The reason that the warm CCT and glare-free light features are intertwined from a technology perspective is that the mixing requires some optical tricks. You couldn't easily mix the LEDs under TIR lenses in a traditionally-architected outdoor LED luminaire. Indoor products that mix such LEDs typically use some sort of a mixing chamber. In the case of the RSW Series, the WaveMax light guide handles the mixing.
Cree, and for sure other outdoor SSL manufacturers, are feeling pressure from groups such as the International Dark Sky Association (IDA) to offer warmer options. In fact, the IDA has published requirements for a fixture seal of approval that requires 3000K or warmer CCT. Cree's Milz said, "There's a lot of chatter about it," referring to swaying public opinion on warmer CCTs. With the RSW he said, "We're trying to get ahead of those comments."
But the light guide also delivers a more pleasing light distribution. The optic is molded in one piece but has many facets, or small planar surfaces, that are designed at different angles to deliver the required beam. Milz said, "It's not just about warmer CCT. It's about better light."
For now, Cree is only offering Type 2 medium and long and Type 3 medium distributions. Milz said the company will slowly build out the portfolio of beam distributions, but each will require a new custom version of the WaveMax optic.
Indeed, for all of the benefits of the new design, there are several drawbacks that could impact the cost of the product. The optic situation is clearly more complex than the days of just picking the right mix of TIR lenses for a product to deliver the desired beam. The BSY plus red design requires a driver with two channels and two sets of LEDs. Still, Milz said the market has price expectations and Cree would be competitive in the market with the new product. Some innovations such as the use of a bulk molding compound in place of aluminum in the housing will help offset the complexity of the light engine.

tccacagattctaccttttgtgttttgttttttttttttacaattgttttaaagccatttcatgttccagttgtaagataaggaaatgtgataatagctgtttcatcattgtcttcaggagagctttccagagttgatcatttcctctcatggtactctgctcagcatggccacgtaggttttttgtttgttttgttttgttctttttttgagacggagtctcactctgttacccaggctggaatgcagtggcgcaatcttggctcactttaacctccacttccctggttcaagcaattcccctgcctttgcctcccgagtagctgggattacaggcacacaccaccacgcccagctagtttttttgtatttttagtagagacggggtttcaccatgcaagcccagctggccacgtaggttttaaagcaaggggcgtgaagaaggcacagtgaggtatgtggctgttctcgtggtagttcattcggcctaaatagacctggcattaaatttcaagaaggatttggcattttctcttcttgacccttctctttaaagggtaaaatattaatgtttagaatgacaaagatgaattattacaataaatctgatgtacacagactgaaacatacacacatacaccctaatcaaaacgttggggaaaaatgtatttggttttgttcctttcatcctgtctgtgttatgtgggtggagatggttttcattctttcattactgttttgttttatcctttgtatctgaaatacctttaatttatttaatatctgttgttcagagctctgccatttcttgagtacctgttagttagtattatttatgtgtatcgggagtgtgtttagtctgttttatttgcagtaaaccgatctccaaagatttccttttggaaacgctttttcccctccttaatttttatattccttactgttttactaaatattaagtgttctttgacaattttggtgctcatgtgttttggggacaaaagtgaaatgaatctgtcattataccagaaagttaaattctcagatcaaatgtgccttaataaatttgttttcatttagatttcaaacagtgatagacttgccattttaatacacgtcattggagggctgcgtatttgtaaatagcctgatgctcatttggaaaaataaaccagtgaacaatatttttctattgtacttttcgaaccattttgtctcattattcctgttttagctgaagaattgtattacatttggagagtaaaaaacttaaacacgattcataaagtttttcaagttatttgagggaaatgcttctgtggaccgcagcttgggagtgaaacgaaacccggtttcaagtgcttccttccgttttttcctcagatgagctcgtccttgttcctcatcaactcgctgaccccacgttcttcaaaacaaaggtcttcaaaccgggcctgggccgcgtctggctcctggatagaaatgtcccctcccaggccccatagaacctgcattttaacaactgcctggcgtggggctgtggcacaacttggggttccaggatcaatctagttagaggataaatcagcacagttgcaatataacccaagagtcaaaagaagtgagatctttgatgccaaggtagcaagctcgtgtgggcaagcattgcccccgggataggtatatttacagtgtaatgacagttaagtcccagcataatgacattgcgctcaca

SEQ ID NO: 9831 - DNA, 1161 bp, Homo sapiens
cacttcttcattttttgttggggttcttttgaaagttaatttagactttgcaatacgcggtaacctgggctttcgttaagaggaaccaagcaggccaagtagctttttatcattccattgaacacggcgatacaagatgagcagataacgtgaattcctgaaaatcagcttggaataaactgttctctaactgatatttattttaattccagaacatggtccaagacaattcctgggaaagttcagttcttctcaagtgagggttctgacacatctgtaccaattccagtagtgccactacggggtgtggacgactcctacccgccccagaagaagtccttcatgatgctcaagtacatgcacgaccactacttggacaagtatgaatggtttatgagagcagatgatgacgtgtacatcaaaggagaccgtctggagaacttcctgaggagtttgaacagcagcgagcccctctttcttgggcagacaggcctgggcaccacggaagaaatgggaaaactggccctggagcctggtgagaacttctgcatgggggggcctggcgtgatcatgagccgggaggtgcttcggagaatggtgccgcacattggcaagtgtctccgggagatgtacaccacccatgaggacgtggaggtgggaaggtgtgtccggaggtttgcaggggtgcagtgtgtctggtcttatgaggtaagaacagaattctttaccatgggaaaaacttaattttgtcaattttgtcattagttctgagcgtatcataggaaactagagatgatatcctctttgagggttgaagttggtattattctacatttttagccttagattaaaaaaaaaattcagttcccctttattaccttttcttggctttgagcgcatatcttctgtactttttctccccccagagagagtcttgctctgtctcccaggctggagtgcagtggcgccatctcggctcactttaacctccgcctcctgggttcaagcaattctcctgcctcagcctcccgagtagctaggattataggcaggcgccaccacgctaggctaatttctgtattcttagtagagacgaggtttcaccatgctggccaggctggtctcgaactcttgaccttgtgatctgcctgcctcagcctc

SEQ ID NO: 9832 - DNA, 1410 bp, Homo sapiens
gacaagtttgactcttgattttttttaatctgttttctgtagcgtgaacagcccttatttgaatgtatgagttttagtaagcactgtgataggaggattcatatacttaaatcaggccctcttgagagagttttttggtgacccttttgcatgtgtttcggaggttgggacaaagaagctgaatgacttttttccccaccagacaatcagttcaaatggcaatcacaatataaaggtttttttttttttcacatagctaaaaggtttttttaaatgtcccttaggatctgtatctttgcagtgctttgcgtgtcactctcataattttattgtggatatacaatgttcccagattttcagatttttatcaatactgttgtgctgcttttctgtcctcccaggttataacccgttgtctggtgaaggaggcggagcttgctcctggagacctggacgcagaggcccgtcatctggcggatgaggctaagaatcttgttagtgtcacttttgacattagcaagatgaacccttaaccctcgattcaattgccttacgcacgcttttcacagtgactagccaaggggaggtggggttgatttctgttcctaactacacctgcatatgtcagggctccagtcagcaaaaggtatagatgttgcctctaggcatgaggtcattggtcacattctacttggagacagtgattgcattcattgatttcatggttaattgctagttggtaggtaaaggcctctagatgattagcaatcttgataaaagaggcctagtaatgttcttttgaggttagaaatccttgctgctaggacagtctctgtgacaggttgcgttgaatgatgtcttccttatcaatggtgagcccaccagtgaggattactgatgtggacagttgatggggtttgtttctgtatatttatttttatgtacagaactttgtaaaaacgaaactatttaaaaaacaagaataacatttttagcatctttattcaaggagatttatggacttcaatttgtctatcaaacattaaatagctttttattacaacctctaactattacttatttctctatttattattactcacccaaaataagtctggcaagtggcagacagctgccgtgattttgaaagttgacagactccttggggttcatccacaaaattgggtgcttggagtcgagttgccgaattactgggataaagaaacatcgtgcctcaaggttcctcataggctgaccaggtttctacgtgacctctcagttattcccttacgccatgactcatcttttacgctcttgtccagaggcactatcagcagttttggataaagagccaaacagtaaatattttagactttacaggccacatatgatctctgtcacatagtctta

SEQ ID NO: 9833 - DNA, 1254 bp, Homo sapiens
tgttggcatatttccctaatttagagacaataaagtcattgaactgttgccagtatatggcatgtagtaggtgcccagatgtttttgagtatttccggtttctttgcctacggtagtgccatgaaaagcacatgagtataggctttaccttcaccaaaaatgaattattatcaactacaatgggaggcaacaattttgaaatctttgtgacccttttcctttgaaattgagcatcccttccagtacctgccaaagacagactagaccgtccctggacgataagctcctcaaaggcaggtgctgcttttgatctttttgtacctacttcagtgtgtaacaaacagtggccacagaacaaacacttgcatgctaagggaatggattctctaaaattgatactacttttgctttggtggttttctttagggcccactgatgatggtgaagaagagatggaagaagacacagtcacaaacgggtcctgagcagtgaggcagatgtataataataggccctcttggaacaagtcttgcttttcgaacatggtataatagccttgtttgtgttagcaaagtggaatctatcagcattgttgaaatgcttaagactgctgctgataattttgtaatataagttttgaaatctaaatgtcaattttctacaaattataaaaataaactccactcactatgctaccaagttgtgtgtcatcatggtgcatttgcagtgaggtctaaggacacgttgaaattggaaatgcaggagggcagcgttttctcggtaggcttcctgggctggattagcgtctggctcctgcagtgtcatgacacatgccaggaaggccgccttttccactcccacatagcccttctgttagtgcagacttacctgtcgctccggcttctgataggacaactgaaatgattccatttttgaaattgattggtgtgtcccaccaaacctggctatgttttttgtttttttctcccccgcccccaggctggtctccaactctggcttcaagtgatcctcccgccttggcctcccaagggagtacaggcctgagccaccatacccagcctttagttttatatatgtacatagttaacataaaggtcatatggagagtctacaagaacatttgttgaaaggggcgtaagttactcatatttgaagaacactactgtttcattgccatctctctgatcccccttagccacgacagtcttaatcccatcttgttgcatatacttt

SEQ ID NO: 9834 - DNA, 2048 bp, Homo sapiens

What the new design will offer is equivalent efficacy in 3000K- and 4000K-CCT products and competitive efficacy with legacy TIR-based products in even cooler CCTs. The already shipping 30W and 50W products deliver 115 lm/W in either of the CCT options.
The XLamp XP-G3 family
Moving to packaged LEDs, it was somewhat surprising to see Cree roll out the XP-G3 LED family. Back in March, Cree had extended the performance of the XP-G2 LED family to 586 lm. And the newer XP-L LEDs were considered the follow-on product to the XP-G Series. But clearly some customers would like to continue using the exact same packaged LED family at higher performance levels.
"We are designing a new series of 130-lm/W high performance street lights and the choice to use the new Cree XP-G3 LED was clear," said Wilbur Tarn, director of OrangeTeK. "The XP-G3 LED delivers high efficacy and high reliability in the familiar XP-G footprint, allowing us to modify elements of an existing design to shorten our design time by half."
The XP-G3 is based on Cree's SC5 (Silicon Carbide 5) technology platform. The packaged LED can deliver 205 lm/W at 350 mA of drive current and 863 lm at 2A. Moreover, since it is a follow-on product in a series, Cree already has 6000 hours of LM-80 data that suggests L90 lifetime beyond 50,000 hours even when the LED is operated at 105°C and 1.5A.